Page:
in ,

Puerto Rico (a U.S. territory)

Puerto Rico, a vibrant U.S. territory known for its rich history, stunning landscapes, and dynamic culture. Situated in the northeastern Caribbean, Puerto Rico is a blend of Spanish colonial heritage, Taíno indigenous roots, and African influences, creating a unique cultural tapestry. From the bustling streets of San Juan to the tranquil beaches of Vieques, Puerto Rico offers a diverse array of experiences, encapsulated by the island’s motto, “Isla del Encanto” (Island of Enchantment).


Location and Size

Puerto Rico is located in the Caribbean Sea, east of the Dominican Republic and west of the Virgin Islands. It comprises the main island of Puerto Rico and several smaller islands, including Vieques, Culebra, and Mona. The territory covers approximately 9,104 square kilometers, making it the smallest and easternmost of the Greater Antilles.


As an island, Puerto Rico is surrounded by the Atlantic Ocean to the north and the Caribbean Sea to the south.

Landforms and Climate Zones

The island features a diverse landscape, from the coastal plains to the central mountain range, Cordillera Central, with Cerro Punta being the highest point. Puerto Rico enjoys a tropical climate with warm temperatures year-round, although it is prone to hurricanes from June to November.


Puerto Rico is divided into 78 municipalities, each with its own distinct character. San Juan serves as the capital and largest city, a hub of cultural, economic, and political activity.


Puerto Rico’s history is marked by the rich culture of the indigenous Taíno people, Spanish colonization in 1493, and its transition to U.S. territory following the Spanish-American War in 1898. The 20th and 21st centuries have seen Puerto Rico navigate its identity and status, balancing its colonial heritage with its American ties while striving for greater autonomy.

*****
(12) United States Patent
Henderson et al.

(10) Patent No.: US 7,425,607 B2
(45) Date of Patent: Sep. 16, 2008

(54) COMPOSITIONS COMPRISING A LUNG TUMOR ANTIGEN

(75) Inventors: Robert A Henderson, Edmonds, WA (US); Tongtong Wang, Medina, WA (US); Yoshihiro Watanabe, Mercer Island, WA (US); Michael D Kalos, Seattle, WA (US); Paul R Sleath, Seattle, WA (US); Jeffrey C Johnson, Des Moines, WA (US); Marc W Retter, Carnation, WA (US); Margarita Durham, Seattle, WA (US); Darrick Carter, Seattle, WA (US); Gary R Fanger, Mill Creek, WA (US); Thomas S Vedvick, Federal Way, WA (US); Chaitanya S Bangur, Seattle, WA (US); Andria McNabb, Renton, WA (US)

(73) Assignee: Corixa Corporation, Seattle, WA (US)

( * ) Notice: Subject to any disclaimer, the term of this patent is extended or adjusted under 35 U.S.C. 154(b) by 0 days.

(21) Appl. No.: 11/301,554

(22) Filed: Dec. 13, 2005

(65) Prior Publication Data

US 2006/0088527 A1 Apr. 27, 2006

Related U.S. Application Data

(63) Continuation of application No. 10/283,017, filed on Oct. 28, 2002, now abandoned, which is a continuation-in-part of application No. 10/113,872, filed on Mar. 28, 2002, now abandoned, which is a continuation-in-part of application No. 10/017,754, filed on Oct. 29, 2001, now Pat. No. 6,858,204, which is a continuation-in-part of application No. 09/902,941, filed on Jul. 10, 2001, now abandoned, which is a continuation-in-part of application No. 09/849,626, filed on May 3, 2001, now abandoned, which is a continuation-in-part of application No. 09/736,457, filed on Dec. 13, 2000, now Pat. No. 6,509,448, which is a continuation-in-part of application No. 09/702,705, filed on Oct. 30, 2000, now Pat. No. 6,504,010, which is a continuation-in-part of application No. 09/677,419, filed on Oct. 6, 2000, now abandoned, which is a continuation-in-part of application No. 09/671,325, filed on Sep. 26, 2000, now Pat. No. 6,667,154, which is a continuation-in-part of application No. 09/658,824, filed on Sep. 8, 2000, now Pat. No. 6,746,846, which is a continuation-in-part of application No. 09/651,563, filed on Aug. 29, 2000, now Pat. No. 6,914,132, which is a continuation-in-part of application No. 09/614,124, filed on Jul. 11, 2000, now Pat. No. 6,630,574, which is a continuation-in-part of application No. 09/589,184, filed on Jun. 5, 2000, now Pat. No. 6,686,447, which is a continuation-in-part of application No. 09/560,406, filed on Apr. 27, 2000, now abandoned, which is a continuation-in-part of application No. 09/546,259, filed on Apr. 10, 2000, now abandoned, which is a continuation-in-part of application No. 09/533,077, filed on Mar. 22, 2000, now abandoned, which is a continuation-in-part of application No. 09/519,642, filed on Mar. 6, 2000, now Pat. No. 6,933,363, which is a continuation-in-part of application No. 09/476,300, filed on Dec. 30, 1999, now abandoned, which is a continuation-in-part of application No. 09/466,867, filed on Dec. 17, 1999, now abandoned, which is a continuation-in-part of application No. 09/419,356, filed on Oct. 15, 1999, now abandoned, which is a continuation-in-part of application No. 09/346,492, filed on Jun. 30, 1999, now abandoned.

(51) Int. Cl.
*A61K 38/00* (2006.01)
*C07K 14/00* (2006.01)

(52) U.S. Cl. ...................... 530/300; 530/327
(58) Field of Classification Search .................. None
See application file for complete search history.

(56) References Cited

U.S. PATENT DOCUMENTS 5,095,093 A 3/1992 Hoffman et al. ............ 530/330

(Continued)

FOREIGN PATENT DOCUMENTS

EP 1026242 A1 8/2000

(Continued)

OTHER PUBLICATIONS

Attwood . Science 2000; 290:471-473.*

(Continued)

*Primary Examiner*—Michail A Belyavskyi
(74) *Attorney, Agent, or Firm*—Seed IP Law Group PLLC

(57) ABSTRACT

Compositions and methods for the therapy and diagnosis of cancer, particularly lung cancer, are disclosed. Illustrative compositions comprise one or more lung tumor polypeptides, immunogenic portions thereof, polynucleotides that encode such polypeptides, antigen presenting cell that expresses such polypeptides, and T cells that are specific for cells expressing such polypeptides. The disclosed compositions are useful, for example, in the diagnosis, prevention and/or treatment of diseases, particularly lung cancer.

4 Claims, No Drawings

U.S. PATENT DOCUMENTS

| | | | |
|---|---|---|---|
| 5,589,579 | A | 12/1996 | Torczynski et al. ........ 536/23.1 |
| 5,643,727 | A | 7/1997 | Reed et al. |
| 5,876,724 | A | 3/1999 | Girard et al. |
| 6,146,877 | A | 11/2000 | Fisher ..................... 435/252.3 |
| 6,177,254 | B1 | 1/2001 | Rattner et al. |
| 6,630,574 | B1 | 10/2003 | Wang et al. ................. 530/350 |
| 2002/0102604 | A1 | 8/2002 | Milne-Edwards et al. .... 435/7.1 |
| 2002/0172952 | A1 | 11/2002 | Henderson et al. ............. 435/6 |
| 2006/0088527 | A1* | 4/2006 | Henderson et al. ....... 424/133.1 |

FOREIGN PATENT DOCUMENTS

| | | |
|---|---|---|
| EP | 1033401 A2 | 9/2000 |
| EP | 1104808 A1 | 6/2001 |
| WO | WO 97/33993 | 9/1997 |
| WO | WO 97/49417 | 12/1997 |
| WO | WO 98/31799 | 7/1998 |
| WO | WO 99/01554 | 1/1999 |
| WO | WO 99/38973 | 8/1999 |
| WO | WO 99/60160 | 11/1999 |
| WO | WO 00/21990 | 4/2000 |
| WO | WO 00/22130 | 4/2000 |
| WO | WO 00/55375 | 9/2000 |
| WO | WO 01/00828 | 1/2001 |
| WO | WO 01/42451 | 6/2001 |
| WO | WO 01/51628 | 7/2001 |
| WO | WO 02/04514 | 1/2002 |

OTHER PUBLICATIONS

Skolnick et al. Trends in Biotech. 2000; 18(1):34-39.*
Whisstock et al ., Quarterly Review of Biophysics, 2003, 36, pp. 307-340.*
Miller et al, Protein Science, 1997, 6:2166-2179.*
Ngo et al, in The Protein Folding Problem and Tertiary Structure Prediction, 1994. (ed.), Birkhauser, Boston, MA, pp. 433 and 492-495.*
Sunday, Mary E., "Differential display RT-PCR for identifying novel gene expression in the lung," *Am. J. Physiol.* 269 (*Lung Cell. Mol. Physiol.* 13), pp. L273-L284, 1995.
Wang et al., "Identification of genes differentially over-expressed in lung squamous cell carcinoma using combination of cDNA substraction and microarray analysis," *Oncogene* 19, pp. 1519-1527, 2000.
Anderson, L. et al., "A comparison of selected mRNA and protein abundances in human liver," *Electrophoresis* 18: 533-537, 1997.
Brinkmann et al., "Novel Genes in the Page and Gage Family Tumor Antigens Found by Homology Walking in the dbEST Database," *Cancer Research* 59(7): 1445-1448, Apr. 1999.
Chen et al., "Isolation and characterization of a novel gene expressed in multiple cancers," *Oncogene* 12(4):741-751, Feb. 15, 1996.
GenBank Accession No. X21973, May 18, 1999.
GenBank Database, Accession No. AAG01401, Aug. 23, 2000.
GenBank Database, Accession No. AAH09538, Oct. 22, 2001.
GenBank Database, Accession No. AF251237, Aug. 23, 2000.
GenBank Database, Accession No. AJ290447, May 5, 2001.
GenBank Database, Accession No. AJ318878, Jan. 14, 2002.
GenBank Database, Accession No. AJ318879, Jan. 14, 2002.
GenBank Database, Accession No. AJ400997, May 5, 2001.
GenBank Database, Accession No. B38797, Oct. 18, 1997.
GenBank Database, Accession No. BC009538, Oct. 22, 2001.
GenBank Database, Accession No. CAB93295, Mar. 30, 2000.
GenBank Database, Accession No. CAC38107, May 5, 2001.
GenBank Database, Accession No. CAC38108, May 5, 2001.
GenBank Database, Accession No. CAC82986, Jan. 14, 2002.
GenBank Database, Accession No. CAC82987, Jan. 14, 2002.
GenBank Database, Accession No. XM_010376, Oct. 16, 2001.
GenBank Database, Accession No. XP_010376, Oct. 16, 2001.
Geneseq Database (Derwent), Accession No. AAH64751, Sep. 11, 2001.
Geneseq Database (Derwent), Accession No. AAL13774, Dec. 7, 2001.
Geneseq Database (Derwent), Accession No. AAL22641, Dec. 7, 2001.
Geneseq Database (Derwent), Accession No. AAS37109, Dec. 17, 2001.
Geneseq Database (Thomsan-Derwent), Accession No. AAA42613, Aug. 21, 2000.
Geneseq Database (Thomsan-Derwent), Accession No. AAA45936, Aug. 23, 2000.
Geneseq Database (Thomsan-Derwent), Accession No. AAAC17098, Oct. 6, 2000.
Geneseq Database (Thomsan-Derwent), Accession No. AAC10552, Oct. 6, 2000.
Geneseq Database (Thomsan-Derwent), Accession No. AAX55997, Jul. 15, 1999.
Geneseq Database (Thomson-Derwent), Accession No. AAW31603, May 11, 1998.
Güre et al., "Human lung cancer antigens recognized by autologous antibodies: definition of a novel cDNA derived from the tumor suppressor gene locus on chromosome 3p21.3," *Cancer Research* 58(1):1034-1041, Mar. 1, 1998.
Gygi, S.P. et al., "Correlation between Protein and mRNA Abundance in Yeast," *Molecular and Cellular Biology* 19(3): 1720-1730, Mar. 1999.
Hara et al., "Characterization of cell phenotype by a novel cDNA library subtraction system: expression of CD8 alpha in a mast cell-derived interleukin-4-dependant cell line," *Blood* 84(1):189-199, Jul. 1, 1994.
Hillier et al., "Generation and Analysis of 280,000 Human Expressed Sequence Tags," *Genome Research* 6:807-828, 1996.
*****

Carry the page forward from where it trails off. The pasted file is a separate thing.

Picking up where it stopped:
As a U.S. territory, Puerto Rico has a unique political status. Puerto Ricans are U.S. citizens but do not have voting representation in Congress. The territory has its own constitution, and its government is organized similarly to a U.S. state with executive, legislative, and judicial branches. The Governor of Puerto Rico serves as the head of the executive branch.


Puerto Rico’s economy is diverse, with key sectors including manufacturing (pharmaceuticals, electronics, textiles), services (finance, insurance, real estate), and tourism. Despite its vibrant economy, Puerto Rico faces financial challenges, including a significant public debt that has impacted its economic growth and development.


Puerto Rican culture is a lively fusion of Spanish, African, and Taíno influences, reflected in its music, dance, art, and cuisine. The island is the birthplace of reggaeton, a popular music genre, and is famous for salsa dancing. Traditional dishes like mofongo (mashed plantains with garlic and pork) and lechón (roast pork) highlight its culinary diversity. The island also celebrates a variety of festivals, including the San Sebastián Street Festival in San Juan.


Puerto Rico’s population is a rich mosaic of cultural backgrounds, primarily consisting of people of Spanish descent, as well as African, Taíno, and other heritages. Spanish and English are the official languages. Puerto Ricans are known for their warm hospitality, strong family values, and resilience in the face of challenges.

Fun Facts

  • Puerto Rico is home to El Yunque National Forest, the only tropical rainforest in the U.S. National Forest System.
  • The Arecibo Observatory, located in Puerto Rico, was the largest single-aperture telescope in the world until its collapse in 2020.
  • Puerto Rico’s Camuy River Cave Park is one of the largest cave systems in the world.

Puerto Rico captivates visitors with its enchanting landscapes, rich cultural heritage, and the vibrant spirit of its people. As a place where history and modernity converge, the island offers a unique insight into the complexities of colonial legacy and territorial status. Exploring Puerto Rico is not only a journey through its scenic beauty but also an immersion into the heart of its cultural identity, offering endless opportunities for discovery and connection.


Saint Kitts and Nevis